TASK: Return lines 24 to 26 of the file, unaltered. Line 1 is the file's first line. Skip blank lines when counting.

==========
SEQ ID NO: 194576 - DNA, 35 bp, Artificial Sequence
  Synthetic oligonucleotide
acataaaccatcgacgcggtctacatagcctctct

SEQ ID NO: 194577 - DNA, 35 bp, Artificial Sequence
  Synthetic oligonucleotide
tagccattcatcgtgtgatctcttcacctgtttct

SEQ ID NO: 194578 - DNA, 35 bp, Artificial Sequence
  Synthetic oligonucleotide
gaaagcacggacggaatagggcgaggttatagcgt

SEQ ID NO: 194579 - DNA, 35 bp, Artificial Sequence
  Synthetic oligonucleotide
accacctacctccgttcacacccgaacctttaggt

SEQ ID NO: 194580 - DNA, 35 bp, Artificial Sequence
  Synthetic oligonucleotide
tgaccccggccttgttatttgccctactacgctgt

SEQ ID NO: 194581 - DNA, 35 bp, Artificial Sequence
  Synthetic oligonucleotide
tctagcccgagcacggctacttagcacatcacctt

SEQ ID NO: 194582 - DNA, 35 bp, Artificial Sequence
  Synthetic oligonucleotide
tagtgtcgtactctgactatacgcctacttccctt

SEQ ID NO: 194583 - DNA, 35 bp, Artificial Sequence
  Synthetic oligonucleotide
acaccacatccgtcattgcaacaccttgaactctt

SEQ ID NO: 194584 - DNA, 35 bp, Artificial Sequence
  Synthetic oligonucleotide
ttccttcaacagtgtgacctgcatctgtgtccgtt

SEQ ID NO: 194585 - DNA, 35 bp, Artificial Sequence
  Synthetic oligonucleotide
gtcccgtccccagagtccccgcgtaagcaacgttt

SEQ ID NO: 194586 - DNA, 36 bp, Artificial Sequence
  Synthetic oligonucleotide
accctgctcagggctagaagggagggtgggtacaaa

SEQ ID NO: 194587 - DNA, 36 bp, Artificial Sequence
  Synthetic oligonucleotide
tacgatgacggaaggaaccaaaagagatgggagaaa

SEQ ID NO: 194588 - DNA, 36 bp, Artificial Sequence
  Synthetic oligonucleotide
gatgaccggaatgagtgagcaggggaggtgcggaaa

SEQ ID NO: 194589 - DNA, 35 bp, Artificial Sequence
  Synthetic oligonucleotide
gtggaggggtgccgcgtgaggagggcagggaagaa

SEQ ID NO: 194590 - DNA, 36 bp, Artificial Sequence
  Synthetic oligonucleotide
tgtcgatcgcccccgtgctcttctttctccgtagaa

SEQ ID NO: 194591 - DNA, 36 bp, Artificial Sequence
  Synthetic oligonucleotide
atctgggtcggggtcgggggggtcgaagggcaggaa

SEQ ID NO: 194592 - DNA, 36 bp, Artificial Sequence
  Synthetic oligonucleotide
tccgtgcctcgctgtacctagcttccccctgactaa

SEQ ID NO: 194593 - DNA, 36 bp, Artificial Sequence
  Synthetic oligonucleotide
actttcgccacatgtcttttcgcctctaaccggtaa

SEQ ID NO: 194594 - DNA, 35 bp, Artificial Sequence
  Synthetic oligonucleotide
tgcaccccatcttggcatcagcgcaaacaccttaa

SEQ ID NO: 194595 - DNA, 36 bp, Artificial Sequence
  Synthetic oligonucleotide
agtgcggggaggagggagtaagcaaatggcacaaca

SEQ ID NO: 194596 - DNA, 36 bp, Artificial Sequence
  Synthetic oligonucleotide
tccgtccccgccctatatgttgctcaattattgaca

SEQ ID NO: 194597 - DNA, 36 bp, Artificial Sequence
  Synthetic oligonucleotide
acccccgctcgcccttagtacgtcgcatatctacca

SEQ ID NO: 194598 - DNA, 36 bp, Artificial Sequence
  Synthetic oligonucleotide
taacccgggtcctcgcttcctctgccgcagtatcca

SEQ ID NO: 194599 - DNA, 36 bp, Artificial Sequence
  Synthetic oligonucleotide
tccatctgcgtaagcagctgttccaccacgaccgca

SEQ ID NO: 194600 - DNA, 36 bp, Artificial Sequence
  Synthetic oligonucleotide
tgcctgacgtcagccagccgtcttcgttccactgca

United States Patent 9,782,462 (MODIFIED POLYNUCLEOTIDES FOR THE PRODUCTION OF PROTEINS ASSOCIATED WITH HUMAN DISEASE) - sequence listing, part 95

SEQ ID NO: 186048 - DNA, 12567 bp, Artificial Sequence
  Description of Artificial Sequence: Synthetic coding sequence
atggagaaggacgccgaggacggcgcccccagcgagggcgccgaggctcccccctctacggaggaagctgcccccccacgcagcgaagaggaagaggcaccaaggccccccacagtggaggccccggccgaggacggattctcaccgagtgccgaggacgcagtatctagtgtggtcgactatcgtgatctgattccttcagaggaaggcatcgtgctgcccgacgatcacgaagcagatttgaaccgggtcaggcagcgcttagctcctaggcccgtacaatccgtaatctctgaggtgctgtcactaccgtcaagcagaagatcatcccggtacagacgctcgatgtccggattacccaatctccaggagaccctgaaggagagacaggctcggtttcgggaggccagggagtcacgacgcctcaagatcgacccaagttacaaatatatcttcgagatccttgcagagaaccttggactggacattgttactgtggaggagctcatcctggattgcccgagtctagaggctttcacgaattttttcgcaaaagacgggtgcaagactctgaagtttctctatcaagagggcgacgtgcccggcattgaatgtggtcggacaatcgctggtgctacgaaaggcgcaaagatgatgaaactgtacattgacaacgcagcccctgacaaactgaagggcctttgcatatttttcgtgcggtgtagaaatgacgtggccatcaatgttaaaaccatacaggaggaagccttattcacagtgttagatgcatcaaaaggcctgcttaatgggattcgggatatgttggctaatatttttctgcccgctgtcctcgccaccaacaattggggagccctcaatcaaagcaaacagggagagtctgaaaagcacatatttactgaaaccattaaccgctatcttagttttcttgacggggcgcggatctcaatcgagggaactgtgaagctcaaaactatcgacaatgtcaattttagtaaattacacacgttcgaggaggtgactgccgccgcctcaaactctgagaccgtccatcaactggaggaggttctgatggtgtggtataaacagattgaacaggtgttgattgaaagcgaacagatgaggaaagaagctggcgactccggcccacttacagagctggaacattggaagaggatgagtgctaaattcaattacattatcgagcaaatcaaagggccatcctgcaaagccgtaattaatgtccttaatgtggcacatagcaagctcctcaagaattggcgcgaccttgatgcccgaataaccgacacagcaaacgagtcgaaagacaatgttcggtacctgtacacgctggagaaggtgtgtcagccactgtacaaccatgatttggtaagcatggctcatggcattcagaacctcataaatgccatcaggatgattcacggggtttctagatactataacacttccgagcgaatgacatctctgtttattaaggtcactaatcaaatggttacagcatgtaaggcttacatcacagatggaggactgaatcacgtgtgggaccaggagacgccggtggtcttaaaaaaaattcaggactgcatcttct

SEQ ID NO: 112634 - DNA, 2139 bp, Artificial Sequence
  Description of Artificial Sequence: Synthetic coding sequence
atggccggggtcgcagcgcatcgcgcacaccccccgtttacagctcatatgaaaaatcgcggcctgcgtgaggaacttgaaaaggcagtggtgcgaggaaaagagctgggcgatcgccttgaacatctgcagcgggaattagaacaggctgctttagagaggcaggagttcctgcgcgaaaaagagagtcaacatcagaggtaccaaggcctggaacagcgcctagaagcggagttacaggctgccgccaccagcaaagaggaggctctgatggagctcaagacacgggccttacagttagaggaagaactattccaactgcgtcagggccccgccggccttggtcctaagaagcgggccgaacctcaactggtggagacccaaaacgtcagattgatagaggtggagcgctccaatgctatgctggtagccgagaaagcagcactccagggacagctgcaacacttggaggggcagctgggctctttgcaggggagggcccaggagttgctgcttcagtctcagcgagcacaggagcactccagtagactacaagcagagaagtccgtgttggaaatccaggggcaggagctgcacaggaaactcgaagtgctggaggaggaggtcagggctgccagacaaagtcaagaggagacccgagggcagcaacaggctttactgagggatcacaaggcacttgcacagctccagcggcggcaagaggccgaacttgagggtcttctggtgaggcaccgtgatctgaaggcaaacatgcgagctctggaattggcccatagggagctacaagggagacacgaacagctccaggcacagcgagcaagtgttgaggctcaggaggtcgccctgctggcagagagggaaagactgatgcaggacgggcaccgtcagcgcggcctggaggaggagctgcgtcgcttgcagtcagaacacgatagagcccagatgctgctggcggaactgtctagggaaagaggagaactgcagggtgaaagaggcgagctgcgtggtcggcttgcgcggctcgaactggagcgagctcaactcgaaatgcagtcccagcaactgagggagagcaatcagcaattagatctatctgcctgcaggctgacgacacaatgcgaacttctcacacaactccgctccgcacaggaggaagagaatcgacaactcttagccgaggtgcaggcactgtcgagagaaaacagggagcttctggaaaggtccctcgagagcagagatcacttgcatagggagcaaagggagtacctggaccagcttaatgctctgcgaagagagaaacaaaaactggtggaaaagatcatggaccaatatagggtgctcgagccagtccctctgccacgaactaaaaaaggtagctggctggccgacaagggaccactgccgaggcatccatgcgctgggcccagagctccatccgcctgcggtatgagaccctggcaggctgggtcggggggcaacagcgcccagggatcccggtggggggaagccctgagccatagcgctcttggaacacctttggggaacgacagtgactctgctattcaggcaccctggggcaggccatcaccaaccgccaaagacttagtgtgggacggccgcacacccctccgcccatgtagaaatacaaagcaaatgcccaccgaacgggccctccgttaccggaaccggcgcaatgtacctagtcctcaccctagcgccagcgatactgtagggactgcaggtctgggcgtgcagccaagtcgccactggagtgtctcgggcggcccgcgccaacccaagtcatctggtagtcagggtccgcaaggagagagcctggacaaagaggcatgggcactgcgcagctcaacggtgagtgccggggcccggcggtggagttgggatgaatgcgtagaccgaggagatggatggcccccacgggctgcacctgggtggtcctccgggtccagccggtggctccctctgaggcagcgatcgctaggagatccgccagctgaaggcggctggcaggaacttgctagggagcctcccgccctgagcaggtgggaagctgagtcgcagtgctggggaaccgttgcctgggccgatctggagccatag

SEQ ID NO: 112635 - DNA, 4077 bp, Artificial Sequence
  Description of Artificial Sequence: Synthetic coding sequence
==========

acaccacatccgtcattgcaacaccttgaactctt

SEQ ID NO: 194584 - DNA, 35 bp, Artificial Sequence
  Synthetic oligonucleotide